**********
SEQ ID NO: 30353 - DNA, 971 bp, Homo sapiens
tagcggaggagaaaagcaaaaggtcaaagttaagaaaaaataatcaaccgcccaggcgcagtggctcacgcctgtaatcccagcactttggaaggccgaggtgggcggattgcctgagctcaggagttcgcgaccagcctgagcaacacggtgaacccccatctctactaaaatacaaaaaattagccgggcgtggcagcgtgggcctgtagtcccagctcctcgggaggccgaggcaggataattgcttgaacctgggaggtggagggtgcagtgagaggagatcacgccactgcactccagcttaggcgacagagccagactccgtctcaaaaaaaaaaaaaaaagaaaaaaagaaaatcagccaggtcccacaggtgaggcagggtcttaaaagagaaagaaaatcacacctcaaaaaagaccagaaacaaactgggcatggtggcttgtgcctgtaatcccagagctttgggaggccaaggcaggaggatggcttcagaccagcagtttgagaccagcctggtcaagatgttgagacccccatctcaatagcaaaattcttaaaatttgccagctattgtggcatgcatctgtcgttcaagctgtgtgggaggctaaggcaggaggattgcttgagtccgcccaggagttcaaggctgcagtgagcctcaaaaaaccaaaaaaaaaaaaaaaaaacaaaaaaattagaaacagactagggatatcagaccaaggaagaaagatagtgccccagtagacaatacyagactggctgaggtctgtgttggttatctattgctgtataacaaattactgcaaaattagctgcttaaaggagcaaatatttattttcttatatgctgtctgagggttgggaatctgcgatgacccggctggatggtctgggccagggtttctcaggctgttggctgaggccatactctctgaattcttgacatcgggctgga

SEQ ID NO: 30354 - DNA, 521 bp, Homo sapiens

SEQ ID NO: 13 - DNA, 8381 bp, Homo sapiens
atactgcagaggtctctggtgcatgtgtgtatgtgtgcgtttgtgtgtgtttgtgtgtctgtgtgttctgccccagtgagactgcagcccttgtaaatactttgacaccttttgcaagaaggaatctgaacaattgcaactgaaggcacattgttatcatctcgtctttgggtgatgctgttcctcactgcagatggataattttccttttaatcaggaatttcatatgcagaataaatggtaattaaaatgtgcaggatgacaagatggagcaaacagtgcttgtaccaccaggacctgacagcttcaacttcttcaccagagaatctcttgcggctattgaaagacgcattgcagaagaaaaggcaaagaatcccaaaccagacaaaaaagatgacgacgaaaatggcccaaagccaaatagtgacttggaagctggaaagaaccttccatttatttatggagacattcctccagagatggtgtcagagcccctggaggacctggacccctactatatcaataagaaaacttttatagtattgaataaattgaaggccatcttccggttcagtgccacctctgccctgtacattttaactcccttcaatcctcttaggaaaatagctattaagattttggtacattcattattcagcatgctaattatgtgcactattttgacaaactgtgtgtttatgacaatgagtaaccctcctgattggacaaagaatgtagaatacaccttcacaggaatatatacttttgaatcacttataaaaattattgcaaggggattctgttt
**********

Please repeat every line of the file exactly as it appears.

SEQ ID NO: 30353 - DNA, 971 bp, Homo sapiens
tagcggaggagaaaagcaaaaggtcaaagttaagaaaaaataatcaaccgcccaggcgcagtggctcacgcctgtaatcccagcactttggaaggccgaggtgggcggattgcctgagctcaggagttcgcgaccagcctgagcaacacggtgaacccccatctctactaaaatacaaaaaattagccgggcgtggcagcgtgggcctgtagtcccagctcctcgggaggccgaggcaggataattgcttgaacctgggaggtggagggtgcagtgagaggagatcacgccactgcactccagcttaggcgacagagccagactccgtctcaaaaaaaaaaaaaaaagaaaaaaagaaaatcagccaggtcccacaggtgaggcagggtcttaaaagagaaagaaaatcacacctcaaaaaagaccagaaacaaactgggcatggtggcttgtgcctgtaatcccagagctttgggaggccaaggcaggaggatggcttcagaccagcagtttgagaccagcctggtcaagatgttgagacccccatctcaatagcaaaattcttaaaatttgccagctattgtggcatgcatctgtcgttcaagctgtgtgggaggctaaggcaggaggattgcttgagtccgcccaggagttcaaggctgcagtgagcctcaaaaaaccaaaaaaaaaaaaaaaaaacaaaaaaattagaaacagactagggatatcagaccaaggaagaaagatagtgccccagtagacaatacyagactggctgaggtctgtgttggttatctattgctgtataacaaattactgcaaaattagctgcttaaaggagcaaatatttattttcttatatgctgtctgagggttgggaatctgcgatgacccggctggatggtctgggccagggtttctcaggctgttggctgaggccatactctctgaattcttgacatcgggctgga

SEQ ID NO: 30354 - DNA, 521 bp, Homo sapiens

SEQ ID NO: 13 - DNA, 8381 bp, Homo sapiens
atactgcagaggtctctggtgcatgtgtgtatgtgtgcgtttgtgtgtgtttgtgtgtctgtgtgttctgccccagtgagactgcagcccttgtaaatactttgacaccttttgcaagaaggaatctgaacaattgcaactgaaggcacattgttatcatctcgtctttgggtgatgctgttcctcactgcagatggataattttccttttaatcaggaatttcatatgcagaataaatggtaattaaaatgtgcaggatgacaagatggagcaaacagtgcttgtaccaccaggacctgacagcttcaacttcttcaccagagaatctcttgcggctattgaaagacgcattgcagaagaaaaggcaaagaatcccaaaccagacaaaaaagatgacgacgaaaatggcccaaagccaaatagtgacttggaagctggaaagaaccttccatttatttatggagacattcctccagagatggtgtcagagcccctggaggacctggacccctactatatcaataagaaaacttttatagtattgaataaattgaaggccatcttccggttcagtgccacctctgccctgtacattttaactcccttcaatcctcttaggaaaatagctattaagattttggtacattcattattcagcatgctaattatgtgcactattttgacaaactgtgtgtttatgacaatgagtaaccctcctgattggacaaagaatgtagaatacaccttcacaggaatatatacttttgaatcacttataaaaattattgcaaggggattctgttt